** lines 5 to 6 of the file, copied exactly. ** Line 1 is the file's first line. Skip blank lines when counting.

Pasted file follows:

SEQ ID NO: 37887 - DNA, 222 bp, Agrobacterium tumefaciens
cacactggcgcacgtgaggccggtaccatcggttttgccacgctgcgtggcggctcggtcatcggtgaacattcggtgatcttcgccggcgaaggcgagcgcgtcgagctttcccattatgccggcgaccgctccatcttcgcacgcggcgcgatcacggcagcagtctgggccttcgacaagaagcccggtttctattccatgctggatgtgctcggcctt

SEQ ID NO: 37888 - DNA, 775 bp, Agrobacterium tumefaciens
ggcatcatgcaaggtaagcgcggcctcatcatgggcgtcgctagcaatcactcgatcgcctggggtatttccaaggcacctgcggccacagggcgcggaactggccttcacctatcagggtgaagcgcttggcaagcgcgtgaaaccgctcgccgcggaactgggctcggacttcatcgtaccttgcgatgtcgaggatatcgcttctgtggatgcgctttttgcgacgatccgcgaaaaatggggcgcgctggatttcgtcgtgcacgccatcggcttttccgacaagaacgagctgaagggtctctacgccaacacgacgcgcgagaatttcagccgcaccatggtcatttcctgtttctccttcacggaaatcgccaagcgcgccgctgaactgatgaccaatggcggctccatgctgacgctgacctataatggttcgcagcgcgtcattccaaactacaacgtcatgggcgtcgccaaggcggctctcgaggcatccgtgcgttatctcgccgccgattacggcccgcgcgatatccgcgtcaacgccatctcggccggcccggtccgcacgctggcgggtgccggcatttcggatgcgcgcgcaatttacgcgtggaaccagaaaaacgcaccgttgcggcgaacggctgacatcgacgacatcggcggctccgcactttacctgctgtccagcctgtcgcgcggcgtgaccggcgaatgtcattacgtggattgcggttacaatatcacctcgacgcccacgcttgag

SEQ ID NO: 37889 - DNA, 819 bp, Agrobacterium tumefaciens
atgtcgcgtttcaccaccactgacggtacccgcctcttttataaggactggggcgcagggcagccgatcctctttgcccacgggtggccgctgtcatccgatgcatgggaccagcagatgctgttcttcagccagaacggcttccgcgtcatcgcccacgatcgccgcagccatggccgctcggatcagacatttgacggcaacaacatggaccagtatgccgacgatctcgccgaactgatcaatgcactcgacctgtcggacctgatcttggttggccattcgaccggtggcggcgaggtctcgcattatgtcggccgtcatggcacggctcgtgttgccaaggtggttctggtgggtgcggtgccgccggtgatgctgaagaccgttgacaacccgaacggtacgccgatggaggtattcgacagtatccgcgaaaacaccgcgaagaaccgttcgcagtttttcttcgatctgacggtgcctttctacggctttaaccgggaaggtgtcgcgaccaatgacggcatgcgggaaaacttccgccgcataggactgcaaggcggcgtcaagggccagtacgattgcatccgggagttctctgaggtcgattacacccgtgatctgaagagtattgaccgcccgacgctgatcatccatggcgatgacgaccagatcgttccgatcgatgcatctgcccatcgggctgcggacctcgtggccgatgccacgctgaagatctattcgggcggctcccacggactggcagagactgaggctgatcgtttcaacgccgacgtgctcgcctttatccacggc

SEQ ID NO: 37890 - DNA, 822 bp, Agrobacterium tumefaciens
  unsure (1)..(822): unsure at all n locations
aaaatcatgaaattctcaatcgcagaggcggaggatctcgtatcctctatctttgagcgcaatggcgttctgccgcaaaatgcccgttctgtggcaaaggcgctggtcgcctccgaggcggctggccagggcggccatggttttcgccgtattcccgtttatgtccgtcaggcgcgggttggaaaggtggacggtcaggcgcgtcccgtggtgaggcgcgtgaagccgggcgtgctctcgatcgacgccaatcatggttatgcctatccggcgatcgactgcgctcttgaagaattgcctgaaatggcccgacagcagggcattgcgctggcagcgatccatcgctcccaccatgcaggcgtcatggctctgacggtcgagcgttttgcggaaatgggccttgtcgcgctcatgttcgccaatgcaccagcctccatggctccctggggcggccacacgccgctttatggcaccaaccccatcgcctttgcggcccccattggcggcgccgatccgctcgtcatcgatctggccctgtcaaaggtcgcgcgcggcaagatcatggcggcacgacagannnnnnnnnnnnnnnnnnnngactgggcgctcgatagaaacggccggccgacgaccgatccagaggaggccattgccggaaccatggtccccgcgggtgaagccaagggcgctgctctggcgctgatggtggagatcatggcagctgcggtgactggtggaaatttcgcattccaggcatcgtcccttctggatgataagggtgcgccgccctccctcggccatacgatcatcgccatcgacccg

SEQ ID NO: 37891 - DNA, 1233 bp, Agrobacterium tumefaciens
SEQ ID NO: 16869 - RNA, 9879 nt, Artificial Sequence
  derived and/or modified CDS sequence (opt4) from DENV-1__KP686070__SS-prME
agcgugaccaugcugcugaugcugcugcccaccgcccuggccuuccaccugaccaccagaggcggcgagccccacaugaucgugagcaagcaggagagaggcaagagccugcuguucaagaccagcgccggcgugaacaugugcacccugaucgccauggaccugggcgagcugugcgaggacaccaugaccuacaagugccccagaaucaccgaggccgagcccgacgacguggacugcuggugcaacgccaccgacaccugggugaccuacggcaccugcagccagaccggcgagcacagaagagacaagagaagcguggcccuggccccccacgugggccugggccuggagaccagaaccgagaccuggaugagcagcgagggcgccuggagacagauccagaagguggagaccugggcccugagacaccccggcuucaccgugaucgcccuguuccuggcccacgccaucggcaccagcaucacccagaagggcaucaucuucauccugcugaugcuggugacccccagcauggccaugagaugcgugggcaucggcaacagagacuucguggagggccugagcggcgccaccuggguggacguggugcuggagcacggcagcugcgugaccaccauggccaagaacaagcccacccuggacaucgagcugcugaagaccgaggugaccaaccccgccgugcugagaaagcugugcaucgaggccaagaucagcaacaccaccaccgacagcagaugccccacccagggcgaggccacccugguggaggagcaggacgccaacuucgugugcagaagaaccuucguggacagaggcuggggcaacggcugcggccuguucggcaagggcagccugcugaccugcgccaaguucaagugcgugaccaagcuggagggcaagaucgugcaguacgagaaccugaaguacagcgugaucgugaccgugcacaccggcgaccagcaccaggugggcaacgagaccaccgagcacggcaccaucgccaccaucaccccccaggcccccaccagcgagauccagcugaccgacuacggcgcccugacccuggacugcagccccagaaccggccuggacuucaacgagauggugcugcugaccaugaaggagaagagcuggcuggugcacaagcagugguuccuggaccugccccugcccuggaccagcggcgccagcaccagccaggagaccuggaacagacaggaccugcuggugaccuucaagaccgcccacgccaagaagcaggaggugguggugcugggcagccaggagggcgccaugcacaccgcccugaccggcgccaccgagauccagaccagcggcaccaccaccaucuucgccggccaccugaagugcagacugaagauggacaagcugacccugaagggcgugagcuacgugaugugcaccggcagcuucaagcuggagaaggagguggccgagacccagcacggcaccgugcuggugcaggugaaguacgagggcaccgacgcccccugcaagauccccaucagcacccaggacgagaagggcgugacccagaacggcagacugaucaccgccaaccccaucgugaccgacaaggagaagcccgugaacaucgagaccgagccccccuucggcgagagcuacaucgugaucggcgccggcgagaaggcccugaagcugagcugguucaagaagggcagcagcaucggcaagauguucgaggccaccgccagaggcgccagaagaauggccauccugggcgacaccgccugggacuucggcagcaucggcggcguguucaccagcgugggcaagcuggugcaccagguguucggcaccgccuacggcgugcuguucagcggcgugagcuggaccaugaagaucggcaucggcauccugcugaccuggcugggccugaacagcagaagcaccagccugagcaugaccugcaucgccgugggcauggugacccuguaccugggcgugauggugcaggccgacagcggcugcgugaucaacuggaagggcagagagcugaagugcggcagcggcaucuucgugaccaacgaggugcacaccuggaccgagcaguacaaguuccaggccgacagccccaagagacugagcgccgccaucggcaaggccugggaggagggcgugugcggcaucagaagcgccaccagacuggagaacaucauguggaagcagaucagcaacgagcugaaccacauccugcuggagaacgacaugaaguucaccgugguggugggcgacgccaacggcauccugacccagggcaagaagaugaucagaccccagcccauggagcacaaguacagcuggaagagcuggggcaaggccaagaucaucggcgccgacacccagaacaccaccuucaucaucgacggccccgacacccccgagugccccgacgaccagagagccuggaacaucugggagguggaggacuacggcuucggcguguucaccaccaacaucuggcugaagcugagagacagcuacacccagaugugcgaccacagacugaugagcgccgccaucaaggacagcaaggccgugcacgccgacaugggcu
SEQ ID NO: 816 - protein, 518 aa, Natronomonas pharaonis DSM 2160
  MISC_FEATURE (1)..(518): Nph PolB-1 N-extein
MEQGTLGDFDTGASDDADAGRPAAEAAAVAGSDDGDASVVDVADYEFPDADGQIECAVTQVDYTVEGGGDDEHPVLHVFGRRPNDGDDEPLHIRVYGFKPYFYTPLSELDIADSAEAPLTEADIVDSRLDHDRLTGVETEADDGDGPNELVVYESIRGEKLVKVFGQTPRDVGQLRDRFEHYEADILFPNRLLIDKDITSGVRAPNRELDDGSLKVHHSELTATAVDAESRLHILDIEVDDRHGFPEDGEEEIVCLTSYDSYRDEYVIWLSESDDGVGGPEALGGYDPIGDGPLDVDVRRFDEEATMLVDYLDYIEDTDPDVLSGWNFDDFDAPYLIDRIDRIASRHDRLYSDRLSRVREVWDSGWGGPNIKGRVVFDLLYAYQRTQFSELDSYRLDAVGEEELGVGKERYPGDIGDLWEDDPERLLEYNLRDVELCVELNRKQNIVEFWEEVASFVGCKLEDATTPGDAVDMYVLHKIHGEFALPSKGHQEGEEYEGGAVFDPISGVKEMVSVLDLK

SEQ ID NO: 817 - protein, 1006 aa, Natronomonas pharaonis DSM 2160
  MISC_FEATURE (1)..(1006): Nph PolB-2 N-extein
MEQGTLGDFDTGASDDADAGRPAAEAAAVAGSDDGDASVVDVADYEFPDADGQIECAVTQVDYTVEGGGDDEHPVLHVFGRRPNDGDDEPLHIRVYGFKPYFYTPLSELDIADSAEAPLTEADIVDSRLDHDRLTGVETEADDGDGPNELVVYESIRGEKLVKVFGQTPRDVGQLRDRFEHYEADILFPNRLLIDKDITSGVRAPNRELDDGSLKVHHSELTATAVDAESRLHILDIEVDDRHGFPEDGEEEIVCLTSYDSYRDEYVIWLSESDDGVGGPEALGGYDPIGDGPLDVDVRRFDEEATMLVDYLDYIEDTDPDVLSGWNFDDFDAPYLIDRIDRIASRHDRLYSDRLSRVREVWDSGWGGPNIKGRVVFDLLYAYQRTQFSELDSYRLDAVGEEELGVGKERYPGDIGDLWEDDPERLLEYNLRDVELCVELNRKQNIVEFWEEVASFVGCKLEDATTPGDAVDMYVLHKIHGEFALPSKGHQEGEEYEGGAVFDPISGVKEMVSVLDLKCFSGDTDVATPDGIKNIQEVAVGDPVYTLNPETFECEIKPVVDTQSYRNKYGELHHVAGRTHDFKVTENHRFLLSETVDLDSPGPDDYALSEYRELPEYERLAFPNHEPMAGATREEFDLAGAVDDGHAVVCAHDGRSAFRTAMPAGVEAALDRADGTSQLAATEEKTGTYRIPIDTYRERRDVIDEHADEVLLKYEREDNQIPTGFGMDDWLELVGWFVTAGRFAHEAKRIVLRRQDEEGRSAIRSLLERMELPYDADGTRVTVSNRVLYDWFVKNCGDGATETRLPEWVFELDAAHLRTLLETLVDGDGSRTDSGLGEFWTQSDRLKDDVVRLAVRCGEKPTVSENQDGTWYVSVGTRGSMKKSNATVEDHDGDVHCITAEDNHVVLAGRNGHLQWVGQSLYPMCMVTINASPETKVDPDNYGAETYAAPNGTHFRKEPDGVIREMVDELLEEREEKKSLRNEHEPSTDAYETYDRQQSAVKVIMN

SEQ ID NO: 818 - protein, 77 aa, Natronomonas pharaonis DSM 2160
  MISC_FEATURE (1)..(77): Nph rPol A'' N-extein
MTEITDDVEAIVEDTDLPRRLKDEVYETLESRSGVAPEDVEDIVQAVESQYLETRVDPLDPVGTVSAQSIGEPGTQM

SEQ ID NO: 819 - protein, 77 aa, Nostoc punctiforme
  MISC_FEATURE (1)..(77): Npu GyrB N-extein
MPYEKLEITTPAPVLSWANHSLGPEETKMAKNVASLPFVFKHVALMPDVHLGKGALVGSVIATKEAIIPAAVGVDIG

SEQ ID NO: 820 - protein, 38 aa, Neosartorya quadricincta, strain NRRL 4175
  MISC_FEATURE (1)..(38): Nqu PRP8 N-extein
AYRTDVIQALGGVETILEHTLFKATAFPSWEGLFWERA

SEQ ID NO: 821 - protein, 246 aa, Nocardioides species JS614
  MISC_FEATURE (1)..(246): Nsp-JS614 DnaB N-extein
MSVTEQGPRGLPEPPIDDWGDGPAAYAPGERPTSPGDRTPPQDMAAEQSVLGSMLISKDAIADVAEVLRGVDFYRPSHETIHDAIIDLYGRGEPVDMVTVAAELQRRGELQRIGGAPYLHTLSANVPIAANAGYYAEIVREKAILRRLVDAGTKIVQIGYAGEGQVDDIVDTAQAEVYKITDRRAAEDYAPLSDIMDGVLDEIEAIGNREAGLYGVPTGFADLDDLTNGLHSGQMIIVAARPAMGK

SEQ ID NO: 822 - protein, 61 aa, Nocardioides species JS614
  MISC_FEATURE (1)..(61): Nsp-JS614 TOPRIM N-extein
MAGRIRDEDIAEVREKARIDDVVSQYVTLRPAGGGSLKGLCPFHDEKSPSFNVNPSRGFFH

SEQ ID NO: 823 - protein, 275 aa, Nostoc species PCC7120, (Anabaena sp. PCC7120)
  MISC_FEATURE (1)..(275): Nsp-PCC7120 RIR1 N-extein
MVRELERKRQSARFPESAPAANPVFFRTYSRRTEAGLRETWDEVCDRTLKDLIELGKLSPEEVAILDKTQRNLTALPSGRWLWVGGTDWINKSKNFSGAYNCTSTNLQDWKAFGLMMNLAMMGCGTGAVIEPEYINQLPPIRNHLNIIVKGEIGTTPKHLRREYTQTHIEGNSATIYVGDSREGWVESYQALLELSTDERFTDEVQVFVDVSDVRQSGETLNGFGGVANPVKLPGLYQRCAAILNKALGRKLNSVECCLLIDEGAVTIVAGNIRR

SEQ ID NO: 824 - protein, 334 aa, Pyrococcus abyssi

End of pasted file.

SEQ ID NO: 37889 - DNA, 819 bp, Agrobacterium tumefaciens
atgtcgcgtttcaccaccactgacggtacccgcctcttttataaggactggggcgcagggcagccgatcctctttgcccacgggtggccgctgtcatccgatgcatgggaccagcagatgctgttcttcagccagaacggcttccgcgtcatcgcccacgatcgccgcagccatggccgctcggatcagacatttgacggcaacaacatggaccagtatgccgacgatctcgccgaactgatcaatgcactcgacctgtcggacctgatcttggttggccattcgaccggtggcggcgaggtctcgcattatgtcggccgtcatggcacggctcgtgttgccaaggtggttctggtgggtgcggtgccgccggtgatgctgaagaccgttgacaacccgaacggtacgccgatggaggtattcgacagtatccgcgaaaacaccgcgaagaaccgttcgcagtttttcttcgatctgacggtgcctttctacggctttaaccgggaaggtgtcgcgaccaatgacggcatgcgggaaaacttccgccgcataggactgcaaggcggcgtcaagggccagtacgattgcatccgggagttctctgaggtcgattacacccgtgatctgaagagtattgaccgcccgacgctgatcatccatggcgatgacgaccagatcgttccgatcgatgcatctgcccatcgggctgcggacctcgtggccgatgccacgctgaagatctattcgggcggctcccacggactggcagagactgaggctgatcgtttcaacgccgacgtgctcgcctttatccacggc